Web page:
3. Who wants to bet that his attendance numbers for the past year will suddenly go down drastically?

    But then, that would kinda screw him over with the state, eh?

  4. Putting it in monetary terms, the Kentucky sales tax is 6%, and Hambo’s kick-back from the state is a quarter of that. An adult ticket for the ark is $40. It’s less for seniors and kids. Okay, take an adult ticket. Sales tax is $2.40. The state kick-back to Hambo is a quarter of that, or sixty cents — less for seniors and kids.

    Now the city wants fifty cents per ticket for the safety tax. In practical terms, the city tax is almost equal to the sales tax rebate Hambo had to fight so hard to get.

  5. Hambo could avoid paying for emergency services by providing them himself. For instance, he could hire his own security service; hire, train and equip his own fire department and life squad; build, staff and equip his own emergency medical services building; and finally, convert one of the animal cages on his ark into a brig to hold any unruly, non-believing visitors.

    the Ark Encounter — the country’s first and only non-profit for profit organization.

  6. Doctor Stochastic

    He’s really is a non-profit organization, contrary to his intentions.

  7. I like the picture from the paper’s story. I counted maybe 23 people strolling in on ark opening day, no massive crowd to compete with was visible. hmm.

  8. Impious city of Williamstown! Don’t they realise that so holy an endeavour will never need to call on the emergency services that it is so unjustly being asked to pay for?

  9. “at prices ranging from $16 for a child to $30 per adult” $28 for a child to $40 per adult.

  10. @RSG You have a good point. For example there are some municipalities that have water, sewer and trash collection as part of their property taxes. While churches/non-profits typically don’t pay taxes, why should they get such a tangible benefit?
    Emergency services are also a tangible benefit, I suppose if Hambo wins the lawsuit and gets his services for free, they could turn the tables and just require he contract emergency services himself.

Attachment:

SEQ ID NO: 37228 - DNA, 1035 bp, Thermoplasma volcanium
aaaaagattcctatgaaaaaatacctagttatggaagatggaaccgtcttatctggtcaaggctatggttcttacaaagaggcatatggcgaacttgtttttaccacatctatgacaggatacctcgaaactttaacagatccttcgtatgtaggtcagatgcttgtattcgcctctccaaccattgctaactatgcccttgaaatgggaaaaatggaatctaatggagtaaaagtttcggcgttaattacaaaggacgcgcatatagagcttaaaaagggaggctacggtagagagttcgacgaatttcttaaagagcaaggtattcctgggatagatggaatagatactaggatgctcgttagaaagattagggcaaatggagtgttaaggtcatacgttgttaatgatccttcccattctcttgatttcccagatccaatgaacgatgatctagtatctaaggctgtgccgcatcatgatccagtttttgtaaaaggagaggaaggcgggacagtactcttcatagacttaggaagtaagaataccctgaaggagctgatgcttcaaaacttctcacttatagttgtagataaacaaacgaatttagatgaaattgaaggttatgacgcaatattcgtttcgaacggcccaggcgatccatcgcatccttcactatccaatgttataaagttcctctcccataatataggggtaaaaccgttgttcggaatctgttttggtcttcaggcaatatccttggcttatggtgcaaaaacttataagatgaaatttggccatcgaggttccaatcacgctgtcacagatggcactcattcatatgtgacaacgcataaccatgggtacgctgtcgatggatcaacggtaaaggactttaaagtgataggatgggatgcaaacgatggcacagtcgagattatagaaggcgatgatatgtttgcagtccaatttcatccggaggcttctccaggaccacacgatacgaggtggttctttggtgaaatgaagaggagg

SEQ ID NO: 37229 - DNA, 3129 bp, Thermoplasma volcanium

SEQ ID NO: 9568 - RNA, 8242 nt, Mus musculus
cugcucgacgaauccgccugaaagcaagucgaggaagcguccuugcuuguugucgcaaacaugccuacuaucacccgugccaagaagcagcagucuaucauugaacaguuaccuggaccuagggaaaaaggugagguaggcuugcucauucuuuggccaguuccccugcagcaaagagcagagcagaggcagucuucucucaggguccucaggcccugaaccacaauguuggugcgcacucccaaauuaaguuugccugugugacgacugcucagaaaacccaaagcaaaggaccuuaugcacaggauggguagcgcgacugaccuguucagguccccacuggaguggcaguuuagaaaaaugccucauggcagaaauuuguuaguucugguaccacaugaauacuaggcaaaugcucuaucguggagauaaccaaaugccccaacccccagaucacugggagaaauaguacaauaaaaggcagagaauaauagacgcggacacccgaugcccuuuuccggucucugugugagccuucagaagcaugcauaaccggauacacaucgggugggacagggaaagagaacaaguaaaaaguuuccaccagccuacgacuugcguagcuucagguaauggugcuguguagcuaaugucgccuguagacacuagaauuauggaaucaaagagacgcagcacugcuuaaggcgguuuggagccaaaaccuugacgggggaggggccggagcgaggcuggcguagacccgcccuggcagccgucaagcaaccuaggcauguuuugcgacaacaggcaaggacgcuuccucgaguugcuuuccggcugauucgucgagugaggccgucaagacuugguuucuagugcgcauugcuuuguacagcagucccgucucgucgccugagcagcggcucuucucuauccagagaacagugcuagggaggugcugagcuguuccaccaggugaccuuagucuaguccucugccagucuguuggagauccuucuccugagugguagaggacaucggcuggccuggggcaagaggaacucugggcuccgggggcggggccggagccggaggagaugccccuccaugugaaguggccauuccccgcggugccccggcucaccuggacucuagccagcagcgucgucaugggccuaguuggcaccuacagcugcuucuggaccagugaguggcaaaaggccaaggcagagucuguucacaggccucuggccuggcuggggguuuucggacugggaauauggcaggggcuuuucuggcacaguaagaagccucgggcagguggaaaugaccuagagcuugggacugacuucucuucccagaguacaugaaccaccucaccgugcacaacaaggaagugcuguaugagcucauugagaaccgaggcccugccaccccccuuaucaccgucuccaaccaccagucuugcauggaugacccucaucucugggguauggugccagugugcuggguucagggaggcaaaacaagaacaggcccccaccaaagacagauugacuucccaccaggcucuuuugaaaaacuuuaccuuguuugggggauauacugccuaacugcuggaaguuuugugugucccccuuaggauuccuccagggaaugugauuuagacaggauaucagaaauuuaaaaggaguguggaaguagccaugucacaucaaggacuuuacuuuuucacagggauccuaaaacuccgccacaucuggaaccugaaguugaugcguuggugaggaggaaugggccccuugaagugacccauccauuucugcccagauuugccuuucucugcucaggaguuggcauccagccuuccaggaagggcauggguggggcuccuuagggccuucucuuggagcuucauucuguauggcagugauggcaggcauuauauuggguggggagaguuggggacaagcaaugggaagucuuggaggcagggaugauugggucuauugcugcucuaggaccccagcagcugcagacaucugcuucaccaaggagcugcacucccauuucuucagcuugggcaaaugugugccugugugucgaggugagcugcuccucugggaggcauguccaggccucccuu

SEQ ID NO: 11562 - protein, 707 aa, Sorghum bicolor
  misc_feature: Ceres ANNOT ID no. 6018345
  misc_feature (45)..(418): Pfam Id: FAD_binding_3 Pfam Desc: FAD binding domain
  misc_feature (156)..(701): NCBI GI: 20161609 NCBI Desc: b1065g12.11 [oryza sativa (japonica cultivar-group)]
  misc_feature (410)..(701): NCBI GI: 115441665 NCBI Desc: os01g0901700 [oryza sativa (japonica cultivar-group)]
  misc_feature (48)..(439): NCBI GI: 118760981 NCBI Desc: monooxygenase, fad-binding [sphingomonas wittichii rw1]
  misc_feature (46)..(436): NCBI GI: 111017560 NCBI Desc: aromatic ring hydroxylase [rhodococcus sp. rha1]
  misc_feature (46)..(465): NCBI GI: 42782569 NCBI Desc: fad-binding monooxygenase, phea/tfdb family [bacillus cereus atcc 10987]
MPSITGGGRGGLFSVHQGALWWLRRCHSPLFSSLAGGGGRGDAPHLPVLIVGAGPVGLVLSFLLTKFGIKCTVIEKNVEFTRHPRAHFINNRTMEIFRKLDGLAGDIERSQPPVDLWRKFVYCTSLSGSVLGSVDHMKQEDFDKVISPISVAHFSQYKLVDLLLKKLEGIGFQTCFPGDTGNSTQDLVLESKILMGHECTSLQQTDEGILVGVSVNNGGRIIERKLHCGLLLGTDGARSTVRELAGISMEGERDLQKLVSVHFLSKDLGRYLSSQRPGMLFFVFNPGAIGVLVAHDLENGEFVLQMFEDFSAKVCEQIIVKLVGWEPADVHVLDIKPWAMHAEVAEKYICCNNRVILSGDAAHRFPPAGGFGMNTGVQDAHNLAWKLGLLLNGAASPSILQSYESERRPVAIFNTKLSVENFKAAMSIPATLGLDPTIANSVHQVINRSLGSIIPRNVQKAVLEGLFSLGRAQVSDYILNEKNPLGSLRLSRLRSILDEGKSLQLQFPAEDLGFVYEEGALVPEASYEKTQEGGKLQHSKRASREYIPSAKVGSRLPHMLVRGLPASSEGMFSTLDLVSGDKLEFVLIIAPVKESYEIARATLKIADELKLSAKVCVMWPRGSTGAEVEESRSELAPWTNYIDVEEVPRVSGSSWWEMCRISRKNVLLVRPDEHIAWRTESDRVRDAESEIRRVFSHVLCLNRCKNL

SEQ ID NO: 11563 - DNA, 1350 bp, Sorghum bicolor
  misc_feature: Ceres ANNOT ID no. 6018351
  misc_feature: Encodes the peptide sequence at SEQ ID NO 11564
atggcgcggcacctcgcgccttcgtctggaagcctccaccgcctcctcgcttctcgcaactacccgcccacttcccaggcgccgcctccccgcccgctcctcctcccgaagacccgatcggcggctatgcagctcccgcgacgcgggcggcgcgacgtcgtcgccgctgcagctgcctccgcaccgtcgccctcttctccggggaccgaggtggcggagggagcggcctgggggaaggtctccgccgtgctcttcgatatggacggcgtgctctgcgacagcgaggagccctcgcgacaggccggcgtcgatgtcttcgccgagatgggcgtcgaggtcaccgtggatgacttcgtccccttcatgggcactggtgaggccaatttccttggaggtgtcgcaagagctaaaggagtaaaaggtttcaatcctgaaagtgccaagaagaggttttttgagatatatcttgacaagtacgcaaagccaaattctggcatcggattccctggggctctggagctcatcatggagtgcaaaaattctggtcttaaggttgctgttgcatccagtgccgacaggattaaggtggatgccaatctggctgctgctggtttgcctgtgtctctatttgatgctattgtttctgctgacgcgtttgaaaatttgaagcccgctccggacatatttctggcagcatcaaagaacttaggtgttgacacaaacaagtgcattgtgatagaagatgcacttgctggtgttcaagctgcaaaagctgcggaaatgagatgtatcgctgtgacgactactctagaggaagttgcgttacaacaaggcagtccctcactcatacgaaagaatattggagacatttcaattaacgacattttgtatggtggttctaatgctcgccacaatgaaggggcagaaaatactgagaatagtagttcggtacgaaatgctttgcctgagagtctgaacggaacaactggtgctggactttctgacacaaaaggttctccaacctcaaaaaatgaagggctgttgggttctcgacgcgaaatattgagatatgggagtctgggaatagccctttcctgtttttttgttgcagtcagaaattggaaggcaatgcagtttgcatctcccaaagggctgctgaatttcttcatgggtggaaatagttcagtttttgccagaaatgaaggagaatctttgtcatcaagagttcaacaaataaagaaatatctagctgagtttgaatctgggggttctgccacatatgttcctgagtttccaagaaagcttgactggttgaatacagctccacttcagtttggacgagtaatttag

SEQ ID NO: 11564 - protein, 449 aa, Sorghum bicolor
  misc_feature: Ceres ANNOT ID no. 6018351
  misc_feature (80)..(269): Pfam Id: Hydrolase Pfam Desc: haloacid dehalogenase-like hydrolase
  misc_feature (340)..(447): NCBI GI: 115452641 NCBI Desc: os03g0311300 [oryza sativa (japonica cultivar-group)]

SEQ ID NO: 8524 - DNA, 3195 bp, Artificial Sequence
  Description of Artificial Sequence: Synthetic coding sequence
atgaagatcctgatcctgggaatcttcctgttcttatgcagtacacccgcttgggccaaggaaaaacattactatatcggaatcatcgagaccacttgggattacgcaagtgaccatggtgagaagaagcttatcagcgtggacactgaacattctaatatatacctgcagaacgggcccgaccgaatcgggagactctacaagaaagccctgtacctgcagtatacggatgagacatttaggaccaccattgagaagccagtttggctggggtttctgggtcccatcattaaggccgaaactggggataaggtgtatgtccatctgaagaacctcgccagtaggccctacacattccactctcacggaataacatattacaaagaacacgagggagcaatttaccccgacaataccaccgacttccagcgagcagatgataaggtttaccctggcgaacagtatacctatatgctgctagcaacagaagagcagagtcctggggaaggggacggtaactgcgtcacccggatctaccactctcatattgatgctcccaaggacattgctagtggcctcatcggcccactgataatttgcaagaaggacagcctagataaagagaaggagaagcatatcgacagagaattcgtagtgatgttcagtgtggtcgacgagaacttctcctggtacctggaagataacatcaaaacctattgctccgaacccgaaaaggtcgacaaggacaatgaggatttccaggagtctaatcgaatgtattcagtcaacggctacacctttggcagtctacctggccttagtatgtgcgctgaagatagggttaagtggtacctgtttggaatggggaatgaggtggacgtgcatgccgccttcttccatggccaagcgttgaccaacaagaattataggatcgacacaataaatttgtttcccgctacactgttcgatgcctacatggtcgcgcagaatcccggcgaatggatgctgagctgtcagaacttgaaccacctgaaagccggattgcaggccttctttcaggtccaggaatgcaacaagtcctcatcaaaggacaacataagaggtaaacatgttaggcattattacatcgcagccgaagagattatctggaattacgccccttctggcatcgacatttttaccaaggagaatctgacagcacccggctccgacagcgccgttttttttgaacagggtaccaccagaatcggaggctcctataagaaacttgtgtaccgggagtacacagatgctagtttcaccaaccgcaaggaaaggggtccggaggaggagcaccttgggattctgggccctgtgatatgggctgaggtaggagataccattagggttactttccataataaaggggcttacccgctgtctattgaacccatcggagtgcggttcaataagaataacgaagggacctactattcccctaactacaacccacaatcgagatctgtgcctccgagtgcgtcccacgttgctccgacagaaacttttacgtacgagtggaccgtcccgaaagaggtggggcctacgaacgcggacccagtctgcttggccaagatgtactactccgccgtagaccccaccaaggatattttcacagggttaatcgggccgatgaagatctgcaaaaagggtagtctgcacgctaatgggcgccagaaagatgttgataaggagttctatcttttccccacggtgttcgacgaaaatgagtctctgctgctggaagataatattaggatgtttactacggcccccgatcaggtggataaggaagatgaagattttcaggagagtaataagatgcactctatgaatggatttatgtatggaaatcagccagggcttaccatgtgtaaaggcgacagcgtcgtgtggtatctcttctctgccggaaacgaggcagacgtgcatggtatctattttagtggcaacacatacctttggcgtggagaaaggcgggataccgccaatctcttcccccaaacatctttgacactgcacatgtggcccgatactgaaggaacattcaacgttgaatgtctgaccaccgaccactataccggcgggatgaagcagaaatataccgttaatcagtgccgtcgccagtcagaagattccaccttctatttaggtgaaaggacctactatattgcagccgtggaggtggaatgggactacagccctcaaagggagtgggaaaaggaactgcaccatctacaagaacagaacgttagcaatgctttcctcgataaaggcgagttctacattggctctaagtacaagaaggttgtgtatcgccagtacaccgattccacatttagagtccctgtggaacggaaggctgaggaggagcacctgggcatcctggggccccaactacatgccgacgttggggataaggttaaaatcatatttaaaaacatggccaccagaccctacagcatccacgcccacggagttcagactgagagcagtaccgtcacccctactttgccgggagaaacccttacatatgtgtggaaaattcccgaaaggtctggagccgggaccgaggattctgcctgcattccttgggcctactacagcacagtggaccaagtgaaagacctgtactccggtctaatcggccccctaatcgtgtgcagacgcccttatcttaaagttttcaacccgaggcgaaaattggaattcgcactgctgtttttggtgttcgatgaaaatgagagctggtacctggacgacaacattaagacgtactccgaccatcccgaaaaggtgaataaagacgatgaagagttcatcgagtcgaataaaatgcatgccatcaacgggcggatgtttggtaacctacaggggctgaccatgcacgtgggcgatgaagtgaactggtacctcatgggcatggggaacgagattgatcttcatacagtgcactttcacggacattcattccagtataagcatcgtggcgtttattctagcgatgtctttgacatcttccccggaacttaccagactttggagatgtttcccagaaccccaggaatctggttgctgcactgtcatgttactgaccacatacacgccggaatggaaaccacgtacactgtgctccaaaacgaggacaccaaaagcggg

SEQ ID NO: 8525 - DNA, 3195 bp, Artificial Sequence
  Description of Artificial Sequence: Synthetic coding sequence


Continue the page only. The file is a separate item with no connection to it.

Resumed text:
11. @Troy — …and the Ark Brig could actually become a popular attraction!

  12. Finally the good folks from Kentucky wake up – better late than never.

  13. Well, you see, the Ark Encounter doesn’t NEED emergency services. Ken simply prays over any injured guests. Between Ken’s faith and the faith of the visitors they will be healed. And the Ark itself is protected from fire and flood by the very hand of the the Lord Jesus Himself.

    What? That’s not how it works? Must not have enough faith. PRAY HARDER, KEN! PRAY HARDER! In the meantime let’s hope Williamstown will hold fast and get that extra tax. And let’s hope Hamster DOES add that fee to the ticket prices. Every nickel helps keep people away from this joke.

  14. The population of Williamstown is about 4,000. The 1,400,000 visitors coming to the area to see Ham’s park is a huge extra burden on the town.
    Even if Ham provides security and emergency services for the park, that still doesn’t help Williamstown handle all that extra traffic. A fifty-cent ticket tax is totally fair, and doesn’t have to cost Ham a thing. It’s an add-on, just like a sales tax.

    Frankly, Ham should be charged a 100% sales tax on each ticket, with the proceeds going to local school districts to help alleviate the damage he’s doing to science education.

  15. Actually there hasn’t been any extra burden on the town. (It is also a problem because they aren’t selling Shem-dogs) The town is only a few miles away, but it might as well be in the next state. The problem for the town is that I-75 is everything an Ark rube is likely to see.
    The Ark itself only requires a couple of hours to see it, no hotel room required for at least 50% or more of visitors. (I’m debating going, because I know it won’t be around much longer.)

  16. Charles Deetz ;)

    The for-profit non-profit, a perfect example of the cognitive dissonance power of a creationist. And of a greedy conservative.